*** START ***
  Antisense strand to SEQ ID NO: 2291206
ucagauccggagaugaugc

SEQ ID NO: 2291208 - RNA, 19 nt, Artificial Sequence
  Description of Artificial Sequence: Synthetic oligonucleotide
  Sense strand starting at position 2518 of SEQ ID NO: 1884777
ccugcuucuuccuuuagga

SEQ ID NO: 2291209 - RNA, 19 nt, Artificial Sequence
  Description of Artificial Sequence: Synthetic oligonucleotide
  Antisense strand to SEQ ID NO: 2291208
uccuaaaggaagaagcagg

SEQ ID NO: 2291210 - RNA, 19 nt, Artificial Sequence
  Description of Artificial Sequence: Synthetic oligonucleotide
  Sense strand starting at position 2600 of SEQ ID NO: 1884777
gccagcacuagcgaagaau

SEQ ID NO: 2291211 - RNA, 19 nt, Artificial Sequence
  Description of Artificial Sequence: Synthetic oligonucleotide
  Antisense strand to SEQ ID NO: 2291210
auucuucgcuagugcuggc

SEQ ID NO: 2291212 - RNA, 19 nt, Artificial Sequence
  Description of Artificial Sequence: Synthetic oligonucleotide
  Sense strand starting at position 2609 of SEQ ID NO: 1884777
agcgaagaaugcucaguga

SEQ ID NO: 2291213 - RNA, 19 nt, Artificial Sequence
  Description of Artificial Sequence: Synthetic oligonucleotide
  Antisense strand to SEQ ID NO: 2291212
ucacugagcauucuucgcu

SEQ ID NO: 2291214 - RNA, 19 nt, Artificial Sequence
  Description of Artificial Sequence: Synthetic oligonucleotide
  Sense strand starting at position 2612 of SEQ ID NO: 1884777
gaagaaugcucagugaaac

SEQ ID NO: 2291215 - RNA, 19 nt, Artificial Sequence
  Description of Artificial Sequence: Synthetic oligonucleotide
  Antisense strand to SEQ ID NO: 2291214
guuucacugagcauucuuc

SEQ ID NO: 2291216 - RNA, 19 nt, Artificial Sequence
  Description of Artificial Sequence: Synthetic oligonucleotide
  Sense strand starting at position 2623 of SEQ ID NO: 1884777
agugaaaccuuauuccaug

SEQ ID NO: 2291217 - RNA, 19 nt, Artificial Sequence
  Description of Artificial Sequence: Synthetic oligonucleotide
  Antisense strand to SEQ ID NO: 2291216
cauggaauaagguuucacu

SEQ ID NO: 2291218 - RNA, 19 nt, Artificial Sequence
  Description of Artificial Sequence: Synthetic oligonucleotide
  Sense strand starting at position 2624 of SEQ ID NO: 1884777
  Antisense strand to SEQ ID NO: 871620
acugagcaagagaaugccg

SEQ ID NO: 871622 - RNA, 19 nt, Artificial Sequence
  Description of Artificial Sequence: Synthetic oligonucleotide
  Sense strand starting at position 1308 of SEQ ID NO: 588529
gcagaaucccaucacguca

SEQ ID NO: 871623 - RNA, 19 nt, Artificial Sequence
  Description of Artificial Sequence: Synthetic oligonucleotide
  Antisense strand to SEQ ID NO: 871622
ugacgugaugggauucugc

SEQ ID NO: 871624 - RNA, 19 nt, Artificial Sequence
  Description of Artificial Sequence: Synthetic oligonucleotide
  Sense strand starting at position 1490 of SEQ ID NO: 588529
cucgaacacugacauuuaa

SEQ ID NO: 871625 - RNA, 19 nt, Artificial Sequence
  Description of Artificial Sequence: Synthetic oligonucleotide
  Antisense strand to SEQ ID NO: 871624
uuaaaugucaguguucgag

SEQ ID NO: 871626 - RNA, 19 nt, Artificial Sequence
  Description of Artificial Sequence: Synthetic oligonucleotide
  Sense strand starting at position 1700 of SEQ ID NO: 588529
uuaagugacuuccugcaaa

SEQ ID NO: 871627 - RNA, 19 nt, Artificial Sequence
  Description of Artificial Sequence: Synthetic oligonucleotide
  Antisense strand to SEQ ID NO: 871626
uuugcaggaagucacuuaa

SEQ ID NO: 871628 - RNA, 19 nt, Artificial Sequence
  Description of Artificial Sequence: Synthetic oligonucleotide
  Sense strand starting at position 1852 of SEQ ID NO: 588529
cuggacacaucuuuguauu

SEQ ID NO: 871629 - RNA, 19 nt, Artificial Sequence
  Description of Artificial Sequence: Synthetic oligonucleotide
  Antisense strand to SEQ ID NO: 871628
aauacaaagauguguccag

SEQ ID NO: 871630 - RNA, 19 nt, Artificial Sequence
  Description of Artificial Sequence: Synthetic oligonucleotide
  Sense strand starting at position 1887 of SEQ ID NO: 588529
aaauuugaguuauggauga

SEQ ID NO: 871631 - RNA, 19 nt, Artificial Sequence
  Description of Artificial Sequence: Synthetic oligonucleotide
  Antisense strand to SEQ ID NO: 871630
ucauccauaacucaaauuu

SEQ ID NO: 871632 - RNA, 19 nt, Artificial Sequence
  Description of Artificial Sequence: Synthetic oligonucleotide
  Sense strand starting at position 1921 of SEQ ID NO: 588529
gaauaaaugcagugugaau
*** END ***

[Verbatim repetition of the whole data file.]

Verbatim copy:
  Antisense strand to SEQ ID NO: 2291206
ucagauccggagaugaugc

SEQ ID NO: 2291208 - RNA, 19 nt, Artificial Sequence
  Description of Artificial Sequence: Synthetic oligonucleotide
  Sense strand starting at position 2518 of SEQ ID NO: 1884777
ccugcuucuuccuuuagga

SEQ ID NO: 2291209 - RNA, 19 nt, Artificial Sequence
  Description of Artificial Sequence: Synthetic oligonucleotide
  Antisense strand to SEQ ID NO: 2291208
uccuaaaggaagaagcagg

SEQ ID NO: 2291210 - RNA, 19 nt, Artificial Sequence
  Description of Artificial Sequence: Synthetic oligonucleotide
  Sense strand starting at position 2600 of SEQ ID NO: 1884777
gccagcacuagcgaagaau

SEQ ID NO: 2291211 - RNA, 19 nt, Artificial Sequence
  Description of Artificial Sequence: Synthetic oligonucleotide
  Antisense strand to SEQ ID NO: 2291210
auucuucgcuagugcuggc

SEQ ID NO: 2291212 - RNA, 19 nt, Artificial Sequence
  Description of Artificial Sequence: Synthetic oligonucleotide
  Sense strand starting at position 2609 of SEQ ID NO: 1884777
agcgaagaaugcucaguga

SEQ ID NO: 2291213 - RNA, 19 nt, Artificial Sequence
  Description of Artificial Sequence: Synthetic oligonucleotide
  Antisense strand to SEQ ID NO: 2291212
ucacugagcauucuucgcu

SEQ ID NO: 2291214 - RNA, 19 nt, Artificial Sequence
  Description of Artificial Sequence: Synthetic oligonucleotide
  Sense strand starting at position 2612 of SEQ ID NO: 1884777
gaagaaugcucagugaaac

SEQ ID NO: 2291215 - RNA, 19 nt, Artificial Sequence
  Description of Artificial Sequence: Synthetic oligonucleotide
  Antisense strand to SEQ ID NO: 2291214
guuucacugagcauucuuc

SEQ ID NO: 2291216 - RNA, 19 nt, Artificial Sequence
  Description of Artificial Sequence: Synthetic oligonucleotide
  Sense strand starting at position 2623 of SEQ ID NO: 1884777
agugaaaccuuauuccaug

SEQ ID NO: 2291217 - RNA, 19 nt, Artificial Sequence
  Description of Artificial Sequence: Synthetic oligonucleotide
  Antisense strand to SEQ ID NO: 2291216
cauggaauaagguuucacu

SEQ ID NO: 2291218 - RNA, 19 nt, Artificial Sequence
  Description of Artificial Sequence: Synthetic oligonucleotide
  Sense strand starting at position 2624 of SEQ ID NO: 1884777
  Antisense strand to SEQ ID NO: 871620
acugagcaagagaaugccg

SEQ ID NO: 871622 - RNA, 19 nt, Artificial Sequence
  Description of Artificial Sequence: Synthetic oligonucleotide
  Sense strand starting at position 1308 of SEQ ID NO: 588529
gcagaaucccaucacguca

SEQ ID NO: 871623 - RNA, 19 nt, Artificial Sequence
  Description of Artificial Sequence: Synthetic oligonucleotide
  Antisense strand to SEQ ID NO: 871622
ugacgugaugggauucugc

SEQ ID NO: 871624 - RNA, 19 nt, Artificial Sequence
  Description of Artificial Sequence: Synthetic oligonucleotide
  Sense strand starting at position 1490 of SEQ ID NO: 588529
cucgaacacugacauuuaa

SEQ ID NO: 871625 - RNA, 19 nt, Artificial Sequence
  Description of Artificial Sequence: Synthetic oligonucleotide
  Antisense strand to SEQ ID NO: 871624
uuaaaugucaguguucgag

SEQ ID NO: 871626 - RNA, 19 nt, Artificial Sequence
  Description of Artificial Sequence: Synthetic oligonucleotide
  Sense strand starting at position 1700 of SEQ ID NO: 588529
uuaagugacuuccugcaaa

SEQ ID NO: 871627 - RNA, 19 nt, Artificial Sequence
  Description of Artificial Sequence: Synthetic oligonucleotide
  Antisense strand to SEQ ID NO: 871626
uuugcaggaagucacuuaa

SEQ ID NO: 871628 - RNA, 19 nt, Artificial Sequence
  Description of Artificial Sequence: Synthetic oligonucleotide
  Sense strand starting at position 1852 of SEQ ID NO: 588529
cuggacacaucuuuguauu

SEQ ID NO: 871629 - RNA, 19 nt, Artificial Sequence
  Description of Artificial Sequence: Synthetic oligonucleotide
  Antisense strand to SEQ ID NO: 871628
aauacaaagauguguccag

SEQ ID NO: 871630 - RNA, 19 nt, Artificial Sequence
  Description of Artificial Sequence: Synthetic oligonucleotide
  Sense strand starting at position 1887 of SEQ ID NO: 588529
aaauuugaguuauggauga

SEQ ID NO: 871631 - RNA, 19 nt, Artificial Sequence
  Description of Artificial Sequence: Synthetic oligonucleotide
  Antisense strand to SEQ ID NO: 871630
ucauccauaacucaaauuu

SEQ ID NO: 871632 - RNA, 19 nt, Artificial Sequence
  Description of Artificial Sequence: Synthetic oligonucleotide
  Sense strand starting at position 1921 of SEQ ID NO: 588529
gaauaaaugcagugugaau